During the campaign, President Trump repeatedly called the 2015 Iran nuclear deal a “disaster,” vowing to tear it up and “double and triple up sanctions.” Earlier this month, he described it as “one of the worst deals I’ve ever witnessed,” but he promised, “I will do what I have to do with respect to the Iran deal.”
It wasn’t clear at the time, but apparently that meant his administration will keep the deal while it considers whether it should be torn up down the road.
Late on Tuesday, Secretary of State Rex Tillerson sent a letter to House Speaker Paul Ryan saying that Iran is complying with the terms of the agreement to curb its nuclear program. Under the deal, the State Department must update Congress on Iran’s compliance every 90 days.
Tillerson’s letter went on to note that while Iran is holding up it’s end of the bargain, it “remains a leading state sponsor of terror, through many platforms and methods.” He said President Trump has directed the National Security Council to lead an interagency review to determine whether the deal is “vital to the national security interests of the United States.”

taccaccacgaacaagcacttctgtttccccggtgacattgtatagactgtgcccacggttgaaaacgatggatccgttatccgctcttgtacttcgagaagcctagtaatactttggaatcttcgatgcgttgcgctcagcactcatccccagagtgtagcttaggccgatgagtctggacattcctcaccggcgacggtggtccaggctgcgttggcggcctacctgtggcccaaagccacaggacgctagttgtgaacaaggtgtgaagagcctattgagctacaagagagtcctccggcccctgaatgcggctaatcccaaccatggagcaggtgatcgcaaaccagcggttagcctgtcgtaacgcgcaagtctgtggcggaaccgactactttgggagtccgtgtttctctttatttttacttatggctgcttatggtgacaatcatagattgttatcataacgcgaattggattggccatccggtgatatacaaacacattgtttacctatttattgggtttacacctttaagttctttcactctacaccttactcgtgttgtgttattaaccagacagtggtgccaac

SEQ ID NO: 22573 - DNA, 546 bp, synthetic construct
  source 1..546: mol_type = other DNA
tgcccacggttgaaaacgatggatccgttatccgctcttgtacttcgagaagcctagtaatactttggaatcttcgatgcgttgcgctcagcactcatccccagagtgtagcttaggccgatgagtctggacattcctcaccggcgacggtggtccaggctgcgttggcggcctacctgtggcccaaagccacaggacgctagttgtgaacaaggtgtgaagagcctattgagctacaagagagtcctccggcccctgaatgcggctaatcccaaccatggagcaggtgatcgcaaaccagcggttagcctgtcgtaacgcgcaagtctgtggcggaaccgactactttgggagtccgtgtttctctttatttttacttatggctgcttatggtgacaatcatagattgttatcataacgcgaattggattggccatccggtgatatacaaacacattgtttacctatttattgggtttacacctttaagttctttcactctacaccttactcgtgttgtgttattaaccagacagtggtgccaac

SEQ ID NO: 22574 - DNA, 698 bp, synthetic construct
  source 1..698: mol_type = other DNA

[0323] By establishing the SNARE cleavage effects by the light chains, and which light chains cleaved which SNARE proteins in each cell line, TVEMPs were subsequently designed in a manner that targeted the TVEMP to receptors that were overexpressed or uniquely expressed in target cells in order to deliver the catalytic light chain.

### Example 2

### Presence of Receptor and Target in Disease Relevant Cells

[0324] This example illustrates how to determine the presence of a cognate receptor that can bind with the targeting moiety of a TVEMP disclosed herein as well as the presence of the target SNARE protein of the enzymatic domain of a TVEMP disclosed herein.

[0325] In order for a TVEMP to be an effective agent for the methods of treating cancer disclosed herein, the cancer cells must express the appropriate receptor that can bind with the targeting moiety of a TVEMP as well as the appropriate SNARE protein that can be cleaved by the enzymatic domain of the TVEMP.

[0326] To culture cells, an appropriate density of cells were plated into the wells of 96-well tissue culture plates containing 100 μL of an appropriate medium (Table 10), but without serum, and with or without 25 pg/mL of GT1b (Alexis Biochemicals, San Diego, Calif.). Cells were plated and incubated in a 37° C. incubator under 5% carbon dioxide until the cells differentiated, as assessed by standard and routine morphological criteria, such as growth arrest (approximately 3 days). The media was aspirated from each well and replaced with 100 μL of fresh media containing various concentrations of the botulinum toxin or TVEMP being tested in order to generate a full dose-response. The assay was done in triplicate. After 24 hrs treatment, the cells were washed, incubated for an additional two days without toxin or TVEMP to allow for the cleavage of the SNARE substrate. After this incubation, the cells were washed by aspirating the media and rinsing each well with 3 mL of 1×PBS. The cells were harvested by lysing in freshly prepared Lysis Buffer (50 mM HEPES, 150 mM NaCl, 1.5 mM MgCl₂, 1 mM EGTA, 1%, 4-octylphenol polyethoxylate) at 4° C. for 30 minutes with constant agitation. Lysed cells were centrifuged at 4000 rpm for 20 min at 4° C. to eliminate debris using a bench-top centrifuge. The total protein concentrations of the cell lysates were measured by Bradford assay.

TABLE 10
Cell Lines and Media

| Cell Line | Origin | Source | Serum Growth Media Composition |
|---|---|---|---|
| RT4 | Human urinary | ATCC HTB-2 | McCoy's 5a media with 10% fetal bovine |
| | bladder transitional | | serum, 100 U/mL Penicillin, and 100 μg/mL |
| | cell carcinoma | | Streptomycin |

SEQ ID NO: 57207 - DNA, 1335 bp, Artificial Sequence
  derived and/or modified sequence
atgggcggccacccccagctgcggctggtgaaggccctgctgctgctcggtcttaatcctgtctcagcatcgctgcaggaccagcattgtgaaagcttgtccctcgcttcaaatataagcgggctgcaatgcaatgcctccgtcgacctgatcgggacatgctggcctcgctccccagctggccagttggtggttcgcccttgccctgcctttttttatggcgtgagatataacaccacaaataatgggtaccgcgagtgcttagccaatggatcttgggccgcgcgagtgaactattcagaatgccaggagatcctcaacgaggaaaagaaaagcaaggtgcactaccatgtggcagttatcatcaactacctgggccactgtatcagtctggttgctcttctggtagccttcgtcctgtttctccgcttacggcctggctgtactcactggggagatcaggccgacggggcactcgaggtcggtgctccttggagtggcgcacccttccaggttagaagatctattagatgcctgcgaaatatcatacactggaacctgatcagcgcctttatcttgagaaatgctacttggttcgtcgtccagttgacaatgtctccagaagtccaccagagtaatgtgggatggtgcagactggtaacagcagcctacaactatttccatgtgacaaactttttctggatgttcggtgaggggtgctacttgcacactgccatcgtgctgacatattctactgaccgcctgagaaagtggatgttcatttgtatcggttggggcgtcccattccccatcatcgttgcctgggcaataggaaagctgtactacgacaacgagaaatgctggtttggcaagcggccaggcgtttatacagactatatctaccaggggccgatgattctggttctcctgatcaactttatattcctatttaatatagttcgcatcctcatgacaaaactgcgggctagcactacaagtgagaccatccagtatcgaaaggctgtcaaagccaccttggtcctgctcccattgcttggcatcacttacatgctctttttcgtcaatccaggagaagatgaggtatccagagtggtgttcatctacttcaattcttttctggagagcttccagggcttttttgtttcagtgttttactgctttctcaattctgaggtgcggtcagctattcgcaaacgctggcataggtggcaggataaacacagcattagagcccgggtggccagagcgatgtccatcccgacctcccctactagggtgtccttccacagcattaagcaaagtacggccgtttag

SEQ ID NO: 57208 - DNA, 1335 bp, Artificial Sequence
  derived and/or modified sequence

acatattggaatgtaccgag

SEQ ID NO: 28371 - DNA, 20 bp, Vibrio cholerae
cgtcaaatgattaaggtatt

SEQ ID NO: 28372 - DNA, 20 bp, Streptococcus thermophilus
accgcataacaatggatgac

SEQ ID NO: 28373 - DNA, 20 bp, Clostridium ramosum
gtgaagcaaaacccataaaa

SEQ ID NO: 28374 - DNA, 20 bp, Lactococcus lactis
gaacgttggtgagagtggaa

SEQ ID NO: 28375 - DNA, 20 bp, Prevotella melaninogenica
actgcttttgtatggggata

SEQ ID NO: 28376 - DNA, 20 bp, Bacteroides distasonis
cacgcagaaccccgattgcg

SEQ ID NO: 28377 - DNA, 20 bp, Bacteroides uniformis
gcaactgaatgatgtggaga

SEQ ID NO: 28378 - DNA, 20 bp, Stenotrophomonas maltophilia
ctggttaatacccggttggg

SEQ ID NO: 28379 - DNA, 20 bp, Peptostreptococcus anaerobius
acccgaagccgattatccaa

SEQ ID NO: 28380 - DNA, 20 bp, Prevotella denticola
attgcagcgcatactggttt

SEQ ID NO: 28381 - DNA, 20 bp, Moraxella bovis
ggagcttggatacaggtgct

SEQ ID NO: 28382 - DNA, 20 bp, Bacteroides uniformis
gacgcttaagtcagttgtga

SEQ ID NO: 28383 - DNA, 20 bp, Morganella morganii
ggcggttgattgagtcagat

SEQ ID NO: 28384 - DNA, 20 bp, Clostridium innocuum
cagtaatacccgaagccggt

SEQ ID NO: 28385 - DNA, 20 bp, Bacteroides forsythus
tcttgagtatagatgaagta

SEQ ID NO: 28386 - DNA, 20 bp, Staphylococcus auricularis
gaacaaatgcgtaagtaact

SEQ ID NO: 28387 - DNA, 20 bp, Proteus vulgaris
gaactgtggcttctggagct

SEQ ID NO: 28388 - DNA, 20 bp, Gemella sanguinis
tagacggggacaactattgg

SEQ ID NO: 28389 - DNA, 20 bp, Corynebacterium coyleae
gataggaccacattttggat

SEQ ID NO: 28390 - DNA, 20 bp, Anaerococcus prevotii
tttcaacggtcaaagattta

As NBC News notes, when the U.S., China, Russia, France, Germany, and the United Kingdom were negotiating the deal, they set aside Iran’s alleged support for terrorism because preventing them from building a nuclear bomb was seen as the more pressing matter.
On Monday, a senior White House official told Foreign Policy that the administration is leaning toward adopting “more rigorous application of the tools at its disposal” on Iran. That could mean “incredibly strict implementation” of the nuclear deal, such as holding Iran accountable for even minor breaches of the agreement. Another option is expanding sanctions linked to the Islamic Revolutionary Guard Corps, which the Trump administration is considering designating as a terrorist organization.
New sanctions could be implemented without violating the terms of the deal, but such moves could push Tehran to pull out of the agreement. “It all really comes down to whether the people making decisions agree that the [nuclear deal] is worth keeping,” said Richard Nephew, the leading U.S. sanctions expert on the team that negotiated the accord.